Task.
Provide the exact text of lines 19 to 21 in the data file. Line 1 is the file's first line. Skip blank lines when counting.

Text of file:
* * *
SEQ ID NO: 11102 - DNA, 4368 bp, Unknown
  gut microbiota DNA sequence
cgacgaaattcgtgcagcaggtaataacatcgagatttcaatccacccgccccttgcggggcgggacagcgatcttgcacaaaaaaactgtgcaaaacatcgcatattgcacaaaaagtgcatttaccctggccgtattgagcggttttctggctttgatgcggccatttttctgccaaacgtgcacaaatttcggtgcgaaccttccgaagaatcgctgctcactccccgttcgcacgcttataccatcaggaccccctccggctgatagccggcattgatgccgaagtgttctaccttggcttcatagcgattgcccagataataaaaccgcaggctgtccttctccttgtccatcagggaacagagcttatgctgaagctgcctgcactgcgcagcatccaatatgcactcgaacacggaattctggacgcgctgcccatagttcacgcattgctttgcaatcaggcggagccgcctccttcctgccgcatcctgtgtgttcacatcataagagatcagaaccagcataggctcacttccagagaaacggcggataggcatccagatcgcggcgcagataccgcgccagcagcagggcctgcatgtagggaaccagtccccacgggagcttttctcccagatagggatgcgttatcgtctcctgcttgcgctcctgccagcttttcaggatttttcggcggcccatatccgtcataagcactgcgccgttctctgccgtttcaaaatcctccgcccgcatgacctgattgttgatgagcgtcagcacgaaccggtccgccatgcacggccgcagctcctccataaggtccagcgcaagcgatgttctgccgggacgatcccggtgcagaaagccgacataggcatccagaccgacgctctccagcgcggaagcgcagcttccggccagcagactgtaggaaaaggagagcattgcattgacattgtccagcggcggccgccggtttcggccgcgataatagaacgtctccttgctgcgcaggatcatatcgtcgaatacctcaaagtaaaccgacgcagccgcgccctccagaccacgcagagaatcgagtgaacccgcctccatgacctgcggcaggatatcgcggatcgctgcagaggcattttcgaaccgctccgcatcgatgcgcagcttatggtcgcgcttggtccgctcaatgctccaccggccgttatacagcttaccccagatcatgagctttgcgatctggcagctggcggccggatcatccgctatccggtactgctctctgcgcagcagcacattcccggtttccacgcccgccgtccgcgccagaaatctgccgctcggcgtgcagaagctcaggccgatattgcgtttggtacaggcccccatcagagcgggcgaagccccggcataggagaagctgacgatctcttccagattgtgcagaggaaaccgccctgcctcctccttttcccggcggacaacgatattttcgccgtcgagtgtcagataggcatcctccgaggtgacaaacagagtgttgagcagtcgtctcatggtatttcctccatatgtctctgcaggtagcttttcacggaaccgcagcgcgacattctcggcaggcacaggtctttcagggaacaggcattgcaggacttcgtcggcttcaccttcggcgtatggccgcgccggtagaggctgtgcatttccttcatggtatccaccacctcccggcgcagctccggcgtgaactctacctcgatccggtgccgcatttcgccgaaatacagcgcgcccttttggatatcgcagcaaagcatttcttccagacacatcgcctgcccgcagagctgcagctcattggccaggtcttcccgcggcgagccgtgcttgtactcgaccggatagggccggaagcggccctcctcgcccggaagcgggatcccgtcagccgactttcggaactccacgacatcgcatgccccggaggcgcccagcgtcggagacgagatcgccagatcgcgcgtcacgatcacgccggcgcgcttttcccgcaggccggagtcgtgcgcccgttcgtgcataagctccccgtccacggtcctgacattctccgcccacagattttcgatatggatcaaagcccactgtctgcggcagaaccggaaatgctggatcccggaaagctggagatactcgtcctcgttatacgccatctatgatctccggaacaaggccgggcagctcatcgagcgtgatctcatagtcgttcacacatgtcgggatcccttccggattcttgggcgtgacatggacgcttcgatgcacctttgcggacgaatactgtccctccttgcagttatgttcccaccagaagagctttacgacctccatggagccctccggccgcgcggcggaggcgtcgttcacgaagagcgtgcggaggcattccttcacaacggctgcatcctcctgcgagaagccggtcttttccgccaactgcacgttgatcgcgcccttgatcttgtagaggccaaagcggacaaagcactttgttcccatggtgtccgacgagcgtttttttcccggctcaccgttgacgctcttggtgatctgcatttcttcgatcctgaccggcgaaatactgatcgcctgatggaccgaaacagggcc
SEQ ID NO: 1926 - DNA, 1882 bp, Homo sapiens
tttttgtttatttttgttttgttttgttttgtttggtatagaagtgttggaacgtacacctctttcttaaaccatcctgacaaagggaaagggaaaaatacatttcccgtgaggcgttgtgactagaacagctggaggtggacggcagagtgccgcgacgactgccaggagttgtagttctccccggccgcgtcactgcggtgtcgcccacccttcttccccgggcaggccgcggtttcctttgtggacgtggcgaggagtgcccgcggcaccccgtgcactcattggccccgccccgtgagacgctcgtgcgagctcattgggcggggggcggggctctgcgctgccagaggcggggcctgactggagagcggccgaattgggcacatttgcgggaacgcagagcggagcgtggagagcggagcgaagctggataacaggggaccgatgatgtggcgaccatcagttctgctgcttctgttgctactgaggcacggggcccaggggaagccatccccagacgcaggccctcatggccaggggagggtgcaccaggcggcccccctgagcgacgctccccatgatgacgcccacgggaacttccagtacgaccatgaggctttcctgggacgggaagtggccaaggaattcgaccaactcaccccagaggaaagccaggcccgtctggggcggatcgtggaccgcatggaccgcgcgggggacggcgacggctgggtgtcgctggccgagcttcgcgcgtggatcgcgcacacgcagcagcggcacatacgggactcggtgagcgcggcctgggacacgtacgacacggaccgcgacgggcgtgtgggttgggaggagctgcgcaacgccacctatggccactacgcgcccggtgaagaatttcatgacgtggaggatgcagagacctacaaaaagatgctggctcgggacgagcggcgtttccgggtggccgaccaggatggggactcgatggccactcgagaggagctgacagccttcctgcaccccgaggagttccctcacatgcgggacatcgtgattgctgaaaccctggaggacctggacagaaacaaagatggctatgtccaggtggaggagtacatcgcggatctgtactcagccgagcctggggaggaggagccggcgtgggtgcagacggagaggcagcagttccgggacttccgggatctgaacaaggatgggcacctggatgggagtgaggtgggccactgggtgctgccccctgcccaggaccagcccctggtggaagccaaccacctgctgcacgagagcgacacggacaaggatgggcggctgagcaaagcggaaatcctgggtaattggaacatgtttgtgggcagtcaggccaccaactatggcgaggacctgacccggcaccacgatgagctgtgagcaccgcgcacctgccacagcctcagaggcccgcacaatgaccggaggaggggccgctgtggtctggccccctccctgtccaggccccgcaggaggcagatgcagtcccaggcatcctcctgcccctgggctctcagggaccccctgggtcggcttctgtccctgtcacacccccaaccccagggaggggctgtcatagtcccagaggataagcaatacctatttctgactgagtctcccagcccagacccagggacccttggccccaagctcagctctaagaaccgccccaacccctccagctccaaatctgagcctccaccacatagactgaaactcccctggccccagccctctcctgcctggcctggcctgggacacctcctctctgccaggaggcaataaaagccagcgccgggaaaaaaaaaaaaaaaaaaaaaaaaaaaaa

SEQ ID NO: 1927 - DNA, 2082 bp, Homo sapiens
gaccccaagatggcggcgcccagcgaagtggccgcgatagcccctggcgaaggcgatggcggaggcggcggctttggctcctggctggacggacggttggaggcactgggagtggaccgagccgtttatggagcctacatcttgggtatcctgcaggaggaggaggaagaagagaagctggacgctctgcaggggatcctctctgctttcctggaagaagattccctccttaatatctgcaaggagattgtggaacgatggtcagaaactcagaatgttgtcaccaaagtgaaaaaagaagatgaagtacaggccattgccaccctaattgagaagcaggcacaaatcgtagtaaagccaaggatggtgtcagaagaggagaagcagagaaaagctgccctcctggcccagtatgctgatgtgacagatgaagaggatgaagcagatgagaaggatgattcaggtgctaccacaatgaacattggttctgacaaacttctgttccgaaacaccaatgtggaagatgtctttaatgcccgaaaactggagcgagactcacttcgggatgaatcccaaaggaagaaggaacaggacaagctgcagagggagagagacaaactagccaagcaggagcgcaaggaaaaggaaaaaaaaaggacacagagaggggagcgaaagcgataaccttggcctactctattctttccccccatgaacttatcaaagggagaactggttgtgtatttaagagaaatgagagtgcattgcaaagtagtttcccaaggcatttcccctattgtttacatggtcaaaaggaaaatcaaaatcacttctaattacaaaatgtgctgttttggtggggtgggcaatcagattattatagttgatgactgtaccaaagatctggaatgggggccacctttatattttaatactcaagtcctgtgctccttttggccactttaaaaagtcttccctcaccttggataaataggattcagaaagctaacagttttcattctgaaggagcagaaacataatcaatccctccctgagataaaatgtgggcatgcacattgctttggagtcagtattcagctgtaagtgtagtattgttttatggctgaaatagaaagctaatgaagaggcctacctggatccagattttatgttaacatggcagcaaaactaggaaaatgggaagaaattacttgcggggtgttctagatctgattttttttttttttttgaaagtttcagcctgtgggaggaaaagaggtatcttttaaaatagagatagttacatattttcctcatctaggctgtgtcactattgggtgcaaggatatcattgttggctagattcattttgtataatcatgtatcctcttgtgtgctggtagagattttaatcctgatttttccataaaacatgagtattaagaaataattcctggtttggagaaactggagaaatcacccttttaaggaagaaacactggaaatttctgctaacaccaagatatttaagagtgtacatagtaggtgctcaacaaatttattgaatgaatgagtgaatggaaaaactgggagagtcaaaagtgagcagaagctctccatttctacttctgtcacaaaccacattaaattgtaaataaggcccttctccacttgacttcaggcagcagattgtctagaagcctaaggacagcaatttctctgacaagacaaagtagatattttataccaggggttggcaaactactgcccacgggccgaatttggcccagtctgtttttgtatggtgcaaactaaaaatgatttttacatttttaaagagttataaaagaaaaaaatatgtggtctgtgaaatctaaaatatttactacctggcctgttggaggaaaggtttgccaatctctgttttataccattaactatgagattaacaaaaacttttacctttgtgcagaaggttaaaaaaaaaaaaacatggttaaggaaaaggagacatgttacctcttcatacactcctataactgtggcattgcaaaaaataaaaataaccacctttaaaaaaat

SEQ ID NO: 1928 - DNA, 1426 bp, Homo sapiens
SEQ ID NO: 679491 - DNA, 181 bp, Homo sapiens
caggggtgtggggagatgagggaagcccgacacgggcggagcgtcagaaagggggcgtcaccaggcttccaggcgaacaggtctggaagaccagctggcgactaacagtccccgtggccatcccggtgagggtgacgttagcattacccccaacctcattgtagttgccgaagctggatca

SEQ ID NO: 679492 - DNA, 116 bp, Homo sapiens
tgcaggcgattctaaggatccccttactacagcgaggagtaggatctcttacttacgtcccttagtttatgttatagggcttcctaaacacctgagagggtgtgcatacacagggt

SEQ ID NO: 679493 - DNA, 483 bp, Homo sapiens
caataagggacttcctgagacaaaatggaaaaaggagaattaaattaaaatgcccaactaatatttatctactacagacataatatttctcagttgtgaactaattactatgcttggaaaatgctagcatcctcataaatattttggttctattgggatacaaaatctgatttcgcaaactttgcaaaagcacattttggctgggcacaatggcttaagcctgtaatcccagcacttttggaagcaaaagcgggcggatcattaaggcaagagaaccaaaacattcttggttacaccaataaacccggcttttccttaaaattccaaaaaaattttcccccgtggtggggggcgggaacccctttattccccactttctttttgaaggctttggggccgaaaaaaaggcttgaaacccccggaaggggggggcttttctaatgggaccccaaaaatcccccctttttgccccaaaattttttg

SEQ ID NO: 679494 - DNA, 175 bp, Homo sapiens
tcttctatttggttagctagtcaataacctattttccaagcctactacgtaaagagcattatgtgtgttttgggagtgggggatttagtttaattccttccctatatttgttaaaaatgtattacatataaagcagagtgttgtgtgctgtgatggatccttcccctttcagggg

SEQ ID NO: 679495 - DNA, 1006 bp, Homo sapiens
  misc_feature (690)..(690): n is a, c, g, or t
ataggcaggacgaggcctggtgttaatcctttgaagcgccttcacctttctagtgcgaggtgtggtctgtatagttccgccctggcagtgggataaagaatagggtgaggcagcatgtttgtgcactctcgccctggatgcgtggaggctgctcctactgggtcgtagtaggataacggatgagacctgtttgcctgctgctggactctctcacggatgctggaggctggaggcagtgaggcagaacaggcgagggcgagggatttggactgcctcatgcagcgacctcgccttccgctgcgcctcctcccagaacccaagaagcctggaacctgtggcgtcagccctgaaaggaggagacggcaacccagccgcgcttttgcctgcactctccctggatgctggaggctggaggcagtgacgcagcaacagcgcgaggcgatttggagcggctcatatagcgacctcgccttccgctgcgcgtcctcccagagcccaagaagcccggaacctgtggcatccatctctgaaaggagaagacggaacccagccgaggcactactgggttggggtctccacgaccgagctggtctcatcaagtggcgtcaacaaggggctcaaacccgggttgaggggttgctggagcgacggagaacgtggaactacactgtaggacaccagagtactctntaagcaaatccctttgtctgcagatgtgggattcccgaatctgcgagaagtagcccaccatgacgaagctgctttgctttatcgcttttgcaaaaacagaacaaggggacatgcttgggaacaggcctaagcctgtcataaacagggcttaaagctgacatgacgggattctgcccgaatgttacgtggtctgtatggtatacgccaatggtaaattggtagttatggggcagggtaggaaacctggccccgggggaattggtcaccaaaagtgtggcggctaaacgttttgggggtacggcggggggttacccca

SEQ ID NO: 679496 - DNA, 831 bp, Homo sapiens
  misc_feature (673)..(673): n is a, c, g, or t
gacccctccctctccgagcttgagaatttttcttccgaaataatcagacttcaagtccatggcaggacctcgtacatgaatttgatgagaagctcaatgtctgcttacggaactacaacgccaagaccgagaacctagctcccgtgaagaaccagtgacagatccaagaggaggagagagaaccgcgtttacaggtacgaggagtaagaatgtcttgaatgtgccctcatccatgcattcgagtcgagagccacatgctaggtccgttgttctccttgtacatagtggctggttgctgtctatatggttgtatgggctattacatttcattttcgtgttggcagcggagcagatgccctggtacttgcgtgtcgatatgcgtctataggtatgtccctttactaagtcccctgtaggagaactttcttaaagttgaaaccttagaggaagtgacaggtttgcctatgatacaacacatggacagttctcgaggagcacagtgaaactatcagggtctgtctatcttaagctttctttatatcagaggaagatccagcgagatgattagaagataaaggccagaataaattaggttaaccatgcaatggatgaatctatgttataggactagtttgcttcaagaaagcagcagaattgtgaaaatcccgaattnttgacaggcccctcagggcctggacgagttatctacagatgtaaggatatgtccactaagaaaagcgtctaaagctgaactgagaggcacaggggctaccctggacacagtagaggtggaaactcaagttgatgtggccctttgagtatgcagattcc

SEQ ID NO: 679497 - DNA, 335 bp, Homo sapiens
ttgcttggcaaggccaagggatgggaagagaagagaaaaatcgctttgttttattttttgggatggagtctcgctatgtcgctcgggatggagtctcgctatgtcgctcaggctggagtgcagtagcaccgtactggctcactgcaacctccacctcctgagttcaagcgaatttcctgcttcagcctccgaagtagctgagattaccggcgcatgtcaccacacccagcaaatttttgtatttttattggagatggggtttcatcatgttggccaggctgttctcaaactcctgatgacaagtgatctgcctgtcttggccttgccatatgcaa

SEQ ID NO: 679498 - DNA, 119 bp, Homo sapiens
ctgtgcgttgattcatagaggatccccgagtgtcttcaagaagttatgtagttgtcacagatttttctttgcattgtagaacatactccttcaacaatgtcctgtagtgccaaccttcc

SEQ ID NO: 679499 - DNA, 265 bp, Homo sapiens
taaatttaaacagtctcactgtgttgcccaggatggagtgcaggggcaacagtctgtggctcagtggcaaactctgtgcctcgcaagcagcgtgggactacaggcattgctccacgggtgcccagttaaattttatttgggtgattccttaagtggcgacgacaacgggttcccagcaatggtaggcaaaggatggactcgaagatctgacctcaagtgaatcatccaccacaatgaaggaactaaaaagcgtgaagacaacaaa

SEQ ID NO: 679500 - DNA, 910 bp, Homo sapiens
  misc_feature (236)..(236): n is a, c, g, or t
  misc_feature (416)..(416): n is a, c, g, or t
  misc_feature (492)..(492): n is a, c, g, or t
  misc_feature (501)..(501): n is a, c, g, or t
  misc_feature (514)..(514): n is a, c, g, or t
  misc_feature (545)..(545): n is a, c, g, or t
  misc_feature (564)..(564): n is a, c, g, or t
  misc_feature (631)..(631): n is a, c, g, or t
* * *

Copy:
ataggcaggacgaggcctggtgttaatcctttgaagcgccttcacctttctagtgcgaggtgtggtctgtatagttccgccctggcagtgggataaagaatagggtgaggcagcatgtttgtgcactctcgccctggatgcgtggaggctgctcctactgggtcgtagtaggataacggatgagacctgtttgcctgctgctggactctctcacggatgctggaggctggaggcagtgaggcagaacaggcgagggcgagggatttggactgcctcatgcagcgacctcgccttccgctgcgcctcctcccagaacccaagaagcctggaacctgtggcgtcagccctgaaaggaggagacggcaacccagccgcgcttttgcctgcactctccctggatgctggaggctggaggcagtgacgcagcaacagcgcgaggcgatttggagcggctcatatagcgacctcgccttccgctgcgcgtcctcccagagcccaagaagcccggaacctgtggcatccatctctgaaaggagaagacggaacccagccgaggcactactgggttggggtctccacgaccgagctggtctcatcaagtggcgtcaacaaggggctcaaacccgggttgaggggttgctggagcgacggagaacgtggaactacactgtaggacaccagagtactctntaagcaaatccctttgtctgcagatgtgggattcccgaatctgcgagaagtagcccaccatgacgaagctgctttgctttatcgcttttgcaaaaacagaacaaggggacatgcttgggaacaggcctaagcctgtcataaacagggcttaaagctgacatgacgggattctgcccgaatgttacgtggtctgtatggtatacgccaatggtaaattggtagttatggggcagggtaggaaacctggccccgggggaattggtcaccaaaagtgtggcggctaaacgttttgggggtacggcggggggttacccca

SEQ ID NO: 679496 - DNA, 831 bp, Homo sapiens
  misc_feature (673)..(673): n is a, c, g, or t